If there’s one thing we can all agree on, it’s that watching our horses experience pain or discomfort is never easy. Arthritis is a common ailment, especially among older horses. Drawing from various expert sources and firsthand experiences, here’s a holistic guide to understanding and managing horse arthritis.
1. Understanding Arthritis in Horses
First, it’s essential to grasp what arthritis is: inflammation in the joints. Over time, wear and tear can lead to the degradation of the protective cartilage between joints, resulting in pain, swelling, and reduced mobility.
2. Signs to Spot
Is your horse limping or moving stiffly, especially after rest? Perhaps they’re less eager to move, or you’ve noticed swelling in their joints? These can all be indicative signs of arthritis. Keep a close eye and note any changes.
3. Weight Management is Key
A horse’s weight plays a pivotal role in managing arthritis. Extra pounds mean extra stress on already ailing joints. Regularly monitor their weight, ensure a balanced diet, and consult your vet to find the optimum weight for your horse.
4. Timing is Exercise: The Right Amount and Kind
While it might seem counterintuitive, regular, low-impact exercise can help an arthritic horse. It ensures that the muscles supporting the joints stay strong. Activities like walking or slow trotting can be beneficial. Just remember, it’s quality over quantity – overworking can do more harm than good.
5. The Magic of Warm-ups and Cool-downs
Gradual warm-ups before exercise and ample cool-down time afterward are non-negotiables. Think of it as gently waking the joints up and then allowing them to relax.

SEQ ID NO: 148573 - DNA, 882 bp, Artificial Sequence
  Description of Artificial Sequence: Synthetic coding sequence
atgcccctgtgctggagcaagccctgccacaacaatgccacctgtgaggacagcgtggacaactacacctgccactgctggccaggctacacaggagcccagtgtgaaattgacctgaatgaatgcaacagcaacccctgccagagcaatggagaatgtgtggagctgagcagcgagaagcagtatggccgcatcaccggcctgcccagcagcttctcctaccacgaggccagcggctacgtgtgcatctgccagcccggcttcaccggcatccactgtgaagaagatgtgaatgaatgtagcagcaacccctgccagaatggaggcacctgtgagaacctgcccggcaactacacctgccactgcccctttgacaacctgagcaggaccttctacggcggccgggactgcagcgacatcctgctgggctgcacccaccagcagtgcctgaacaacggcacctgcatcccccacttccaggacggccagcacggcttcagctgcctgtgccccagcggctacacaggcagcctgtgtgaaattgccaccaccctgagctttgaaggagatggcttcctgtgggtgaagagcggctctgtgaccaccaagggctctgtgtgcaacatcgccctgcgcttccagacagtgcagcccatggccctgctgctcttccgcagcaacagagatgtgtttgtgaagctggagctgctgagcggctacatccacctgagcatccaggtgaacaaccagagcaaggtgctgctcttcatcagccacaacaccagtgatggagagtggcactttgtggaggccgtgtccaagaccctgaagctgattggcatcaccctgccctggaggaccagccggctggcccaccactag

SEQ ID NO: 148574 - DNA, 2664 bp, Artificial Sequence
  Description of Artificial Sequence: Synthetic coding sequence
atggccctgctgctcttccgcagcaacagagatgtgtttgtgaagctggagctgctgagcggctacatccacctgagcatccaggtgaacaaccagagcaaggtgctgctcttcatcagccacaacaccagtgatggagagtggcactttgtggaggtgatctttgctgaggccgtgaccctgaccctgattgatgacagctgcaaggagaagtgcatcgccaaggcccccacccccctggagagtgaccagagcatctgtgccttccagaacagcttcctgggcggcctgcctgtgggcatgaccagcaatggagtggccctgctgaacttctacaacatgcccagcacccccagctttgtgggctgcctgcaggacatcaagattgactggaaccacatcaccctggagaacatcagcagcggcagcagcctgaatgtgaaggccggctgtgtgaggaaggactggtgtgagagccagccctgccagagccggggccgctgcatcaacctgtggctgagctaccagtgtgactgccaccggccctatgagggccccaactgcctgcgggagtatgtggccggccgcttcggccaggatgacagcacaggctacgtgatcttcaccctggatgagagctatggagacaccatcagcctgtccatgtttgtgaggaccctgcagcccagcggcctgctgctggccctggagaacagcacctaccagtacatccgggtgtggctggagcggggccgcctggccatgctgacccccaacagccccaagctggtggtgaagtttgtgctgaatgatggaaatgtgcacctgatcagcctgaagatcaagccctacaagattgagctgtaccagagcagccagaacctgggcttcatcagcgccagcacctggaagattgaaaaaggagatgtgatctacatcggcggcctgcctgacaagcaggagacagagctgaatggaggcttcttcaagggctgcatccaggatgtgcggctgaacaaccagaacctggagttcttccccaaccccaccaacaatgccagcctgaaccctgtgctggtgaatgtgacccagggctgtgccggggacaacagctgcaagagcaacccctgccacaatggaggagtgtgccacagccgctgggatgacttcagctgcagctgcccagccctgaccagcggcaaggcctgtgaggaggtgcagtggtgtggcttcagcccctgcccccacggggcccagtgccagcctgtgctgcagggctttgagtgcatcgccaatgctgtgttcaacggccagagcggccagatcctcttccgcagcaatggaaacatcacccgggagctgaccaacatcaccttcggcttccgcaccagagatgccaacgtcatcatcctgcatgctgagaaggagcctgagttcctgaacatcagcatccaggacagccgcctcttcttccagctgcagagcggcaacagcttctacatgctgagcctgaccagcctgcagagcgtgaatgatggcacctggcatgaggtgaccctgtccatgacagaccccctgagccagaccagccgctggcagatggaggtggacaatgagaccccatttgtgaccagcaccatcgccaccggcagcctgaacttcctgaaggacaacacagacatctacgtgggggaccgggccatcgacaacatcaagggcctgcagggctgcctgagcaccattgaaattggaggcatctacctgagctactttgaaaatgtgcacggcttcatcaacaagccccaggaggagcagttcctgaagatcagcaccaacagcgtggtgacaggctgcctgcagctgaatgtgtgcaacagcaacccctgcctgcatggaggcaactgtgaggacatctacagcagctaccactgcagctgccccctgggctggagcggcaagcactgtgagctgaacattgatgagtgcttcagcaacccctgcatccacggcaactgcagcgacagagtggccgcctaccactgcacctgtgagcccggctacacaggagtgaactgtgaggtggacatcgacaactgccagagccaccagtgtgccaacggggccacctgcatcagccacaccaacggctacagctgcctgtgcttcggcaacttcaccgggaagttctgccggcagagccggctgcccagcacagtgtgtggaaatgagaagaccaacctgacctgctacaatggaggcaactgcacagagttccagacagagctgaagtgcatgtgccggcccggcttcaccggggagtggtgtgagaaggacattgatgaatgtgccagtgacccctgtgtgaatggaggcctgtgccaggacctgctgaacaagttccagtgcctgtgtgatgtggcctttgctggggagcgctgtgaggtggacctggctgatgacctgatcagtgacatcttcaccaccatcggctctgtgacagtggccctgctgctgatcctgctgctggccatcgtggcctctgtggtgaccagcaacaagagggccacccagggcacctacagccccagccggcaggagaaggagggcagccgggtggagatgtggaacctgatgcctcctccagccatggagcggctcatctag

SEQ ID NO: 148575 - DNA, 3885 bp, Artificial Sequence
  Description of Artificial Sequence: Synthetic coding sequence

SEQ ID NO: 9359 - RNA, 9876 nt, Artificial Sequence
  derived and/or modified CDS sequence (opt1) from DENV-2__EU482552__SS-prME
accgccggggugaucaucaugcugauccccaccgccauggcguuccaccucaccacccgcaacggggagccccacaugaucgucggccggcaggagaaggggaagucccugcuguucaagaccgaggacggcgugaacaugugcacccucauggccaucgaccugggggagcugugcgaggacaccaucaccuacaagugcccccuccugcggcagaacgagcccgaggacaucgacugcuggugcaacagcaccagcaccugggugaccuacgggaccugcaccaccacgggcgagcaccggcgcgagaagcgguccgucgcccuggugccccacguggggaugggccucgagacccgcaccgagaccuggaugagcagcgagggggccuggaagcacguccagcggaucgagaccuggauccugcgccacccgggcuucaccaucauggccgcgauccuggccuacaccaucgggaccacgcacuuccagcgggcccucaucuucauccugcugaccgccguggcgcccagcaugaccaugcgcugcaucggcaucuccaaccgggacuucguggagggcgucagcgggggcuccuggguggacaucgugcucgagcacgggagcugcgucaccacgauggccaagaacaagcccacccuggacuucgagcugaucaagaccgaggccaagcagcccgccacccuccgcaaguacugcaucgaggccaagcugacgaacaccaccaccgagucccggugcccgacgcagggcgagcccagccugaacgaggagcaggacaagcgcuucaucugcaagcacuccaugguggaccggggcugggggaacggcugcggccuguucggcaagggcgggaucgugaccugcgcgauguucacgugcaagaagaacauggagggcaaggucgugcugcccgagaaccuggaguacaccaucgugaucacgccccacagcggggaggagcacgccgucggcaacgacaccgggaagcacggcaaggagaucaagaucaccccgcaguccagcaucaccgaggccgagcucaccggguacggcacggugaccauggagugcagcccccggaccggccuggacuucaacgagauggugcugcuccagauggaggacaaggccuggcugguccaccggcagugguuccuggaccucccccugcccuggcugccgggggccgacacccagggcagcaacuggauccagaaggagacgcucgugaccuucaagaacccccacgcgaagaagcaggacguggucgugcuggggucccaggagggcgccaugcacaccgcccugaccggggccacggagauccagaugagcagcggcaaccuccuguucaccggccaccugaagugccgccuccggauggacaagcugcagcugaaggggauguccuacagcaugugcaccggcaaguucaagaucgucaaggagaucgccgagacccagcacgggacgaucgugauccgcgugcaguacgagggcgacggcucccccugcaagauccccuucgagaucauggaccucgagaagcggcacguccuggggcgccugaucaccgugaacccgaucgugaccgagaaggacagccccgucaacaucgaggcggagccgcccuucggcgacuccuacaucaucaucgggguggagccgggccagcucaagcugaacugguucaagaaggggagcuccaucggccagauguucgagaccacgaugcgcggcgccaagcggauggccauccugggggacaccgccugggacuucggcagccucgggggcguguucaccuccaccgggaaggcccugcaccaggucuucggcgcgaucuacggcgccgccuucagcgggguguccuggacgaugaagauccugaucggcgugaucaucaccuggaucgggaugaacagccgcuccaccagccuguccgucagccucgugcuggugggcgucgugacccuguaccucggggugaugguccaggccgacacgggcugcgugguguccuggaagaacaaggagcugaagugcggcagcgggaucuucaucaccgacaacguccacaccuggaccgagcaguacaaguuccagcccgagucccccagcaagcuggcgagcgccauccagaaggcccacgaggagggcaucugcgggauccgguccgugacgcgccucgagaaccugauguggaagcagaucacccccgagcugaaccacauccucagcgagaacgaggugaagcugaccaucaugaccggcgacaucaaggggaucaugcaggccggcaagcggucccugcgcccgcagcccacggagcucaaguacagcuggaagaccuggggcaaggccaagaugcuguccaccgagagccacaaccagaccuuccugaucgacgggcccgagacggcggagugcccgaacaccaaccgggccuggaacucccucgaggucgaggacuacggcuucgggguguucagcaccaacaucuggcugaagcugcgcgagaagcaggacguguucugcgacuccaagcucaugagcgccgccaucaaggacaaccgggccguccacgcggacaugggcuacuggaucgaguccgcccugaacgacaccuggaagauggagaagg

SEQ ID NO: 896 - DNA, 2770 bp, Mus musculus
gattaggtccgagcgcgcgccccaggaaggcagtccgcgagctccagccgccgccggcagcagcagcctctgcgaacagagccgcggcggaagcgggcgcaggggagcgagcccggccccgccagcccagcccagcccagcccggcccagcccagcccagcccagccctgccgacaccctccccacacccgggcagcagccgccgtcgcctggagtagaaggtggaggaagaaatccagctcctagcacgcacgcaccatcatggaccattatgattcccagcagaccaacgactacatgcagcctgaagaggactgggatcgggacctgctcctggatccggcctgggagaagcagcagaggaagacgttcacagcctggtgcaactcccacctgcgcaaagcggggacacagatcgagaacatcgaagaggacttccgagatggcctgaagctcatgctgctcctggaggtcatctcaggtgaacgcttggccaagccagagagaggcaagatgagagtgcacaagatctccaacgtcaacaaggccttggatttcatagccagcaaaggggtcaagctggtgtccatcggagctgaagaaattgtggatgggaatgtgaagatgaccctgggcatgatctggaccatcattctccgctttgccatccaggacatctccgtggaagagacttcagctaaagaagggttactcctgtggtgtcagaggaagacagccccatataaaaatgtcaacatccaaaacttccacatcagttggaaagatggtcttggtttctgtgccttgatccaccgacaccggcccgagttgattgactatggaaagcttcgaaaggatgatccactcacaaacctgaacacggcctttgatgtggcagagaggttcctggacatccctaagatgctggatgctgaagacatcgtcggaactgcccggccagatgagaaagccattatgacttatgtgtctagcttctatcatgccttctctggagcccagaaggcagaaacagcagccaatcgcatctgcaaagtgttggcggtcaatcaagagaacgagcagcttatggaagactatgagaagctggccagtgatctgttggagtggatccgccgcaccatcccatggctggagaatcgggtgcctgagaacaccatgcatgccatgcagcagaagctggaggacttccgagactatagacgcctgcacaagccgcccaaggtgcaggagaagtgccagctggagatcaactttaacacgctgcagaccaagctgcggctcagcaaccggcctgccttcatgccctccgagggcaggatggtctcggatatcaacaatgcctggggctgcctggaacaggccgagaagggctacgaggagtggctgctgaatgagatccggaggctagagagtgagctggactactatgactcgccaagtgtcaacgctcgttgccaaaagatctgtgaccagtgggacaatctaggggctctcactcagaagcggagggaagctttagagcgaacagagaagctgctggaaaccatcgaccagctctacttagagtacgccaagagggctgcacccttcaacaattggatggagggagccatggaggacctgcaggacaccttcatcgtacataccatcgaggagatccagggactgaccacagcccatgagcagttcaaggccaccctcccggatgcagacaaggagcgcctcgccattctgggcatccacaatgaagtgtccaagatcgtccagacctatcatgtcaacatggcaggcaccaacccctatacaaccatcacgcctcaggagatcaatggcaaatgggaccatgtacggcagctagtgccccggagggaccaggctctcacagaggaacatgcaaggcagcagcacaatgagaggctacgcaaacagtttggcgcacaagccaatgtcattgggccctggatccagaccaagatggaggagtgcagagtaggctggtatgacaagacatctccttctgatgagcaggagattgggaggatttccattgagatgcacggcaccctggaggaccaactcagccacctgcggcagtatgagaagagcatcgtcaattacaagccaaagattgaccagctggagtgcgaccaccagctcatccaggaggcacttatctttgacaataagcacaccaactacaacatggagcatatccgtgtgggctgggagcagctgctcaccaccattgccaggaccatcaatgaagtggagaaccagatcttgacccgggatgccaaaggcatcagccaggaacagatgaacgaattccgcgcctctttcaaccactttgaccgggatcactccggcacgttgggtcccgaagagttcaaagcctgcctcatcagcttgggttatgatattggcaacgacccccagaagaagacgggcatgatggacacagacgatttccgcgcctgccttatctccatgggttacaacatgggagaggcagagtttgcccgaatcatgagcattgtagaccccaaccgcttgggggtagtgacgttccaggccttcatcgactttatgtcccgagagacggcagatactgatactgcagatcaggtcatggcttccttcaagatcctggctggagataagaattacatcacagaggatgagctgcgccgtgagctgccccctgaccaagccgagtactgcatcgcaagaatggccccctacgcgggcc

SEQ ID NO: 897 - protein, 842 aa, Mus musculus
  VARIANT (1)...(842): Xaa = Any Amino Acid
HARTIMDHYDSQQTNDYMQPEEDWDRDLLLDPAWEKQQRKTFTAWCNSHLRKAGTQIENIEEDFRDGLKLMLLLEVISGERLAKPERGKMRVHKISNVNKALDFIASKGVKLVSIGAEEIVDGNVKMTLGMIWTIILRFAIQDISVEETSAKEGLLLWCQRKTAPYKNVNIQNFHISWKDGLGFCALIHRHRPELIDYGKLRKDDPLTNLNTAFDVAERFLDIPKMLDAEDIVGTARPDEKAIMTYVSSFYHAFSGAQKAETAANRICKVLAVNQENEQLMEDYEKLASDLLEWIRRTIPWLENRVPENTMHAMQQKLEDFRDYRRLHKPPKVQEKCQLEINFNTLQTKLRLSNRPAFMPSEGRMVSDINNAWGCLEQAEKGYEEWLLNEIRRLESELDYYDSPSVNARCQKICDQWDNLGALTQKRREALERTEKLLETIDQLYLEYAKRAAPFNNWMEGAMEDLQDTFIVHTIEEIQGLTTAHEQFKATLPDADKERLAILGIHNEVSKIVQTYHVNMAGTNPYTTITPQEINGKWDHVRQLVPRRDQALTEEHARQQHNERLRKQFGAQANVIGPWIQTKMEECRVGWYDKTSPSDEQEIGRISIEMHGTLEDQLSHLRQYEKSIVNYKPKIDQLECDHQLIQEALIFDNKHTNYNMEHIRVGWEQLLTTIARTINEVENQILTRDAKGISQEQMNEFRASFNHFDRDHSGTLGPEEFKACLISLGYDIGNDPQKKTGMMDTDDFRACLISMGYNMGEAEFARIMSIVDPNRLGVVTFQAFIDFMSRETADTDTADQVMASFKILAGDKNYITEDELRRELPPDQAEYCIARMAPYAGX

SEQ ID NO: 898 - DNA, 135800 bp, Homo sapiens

6. Therapeutic Solutions
Consider investing in therapeutic options like massage or even acupuncture. These methods can provide relief and enhance mobility. Also, certain leg wraps and blankets are designed to increase circulation and can be very effective.
7. Joint Supplements
There’s a wide range of joint supplements available, from glucosamine to hyaluronic acid and chondroitin sulfate. While they can’t reverse arthritis, they can alleviate some symptoms and slow progression. Always consult with your vet before introducing any supplements.
8. Pain Management
For more severe cases, non-steroidal anti-inflammatory drugs (NSAIDs) can be considered. They help reduce pain and inflammation but should be used judiciously under veterinary guidance..
9. Alternative Therapies
Magnetic field therapy, hydrotherapy, and laser treatments are gaining traction in equine care. While they may sound futuristic, many horse owners swear by their effectiveness. Again, discuss any alternative therapies with a professional.
10. Stay Updated with Regular Check-ups
Routine vet check-ups can help monitor the progression of arthritis and adjust treatment plans accordingly. Remember, early detection can make all the difference in management.
11. TLC: The Ultimate Healer
Lastly, don’t underestimate the power of love and care. Spending quality time with your horse, grooming them, or just being there can uplift their spirits. A happy horse is more likely to cope better with physical discomfort.
Dealing with arthritis in horses requires a blend of vigilance, knowledge, and a lot of heart. Remember, every horse is unique, and what works for one might not work for another. Stay observant, stay informed, and always lead with love.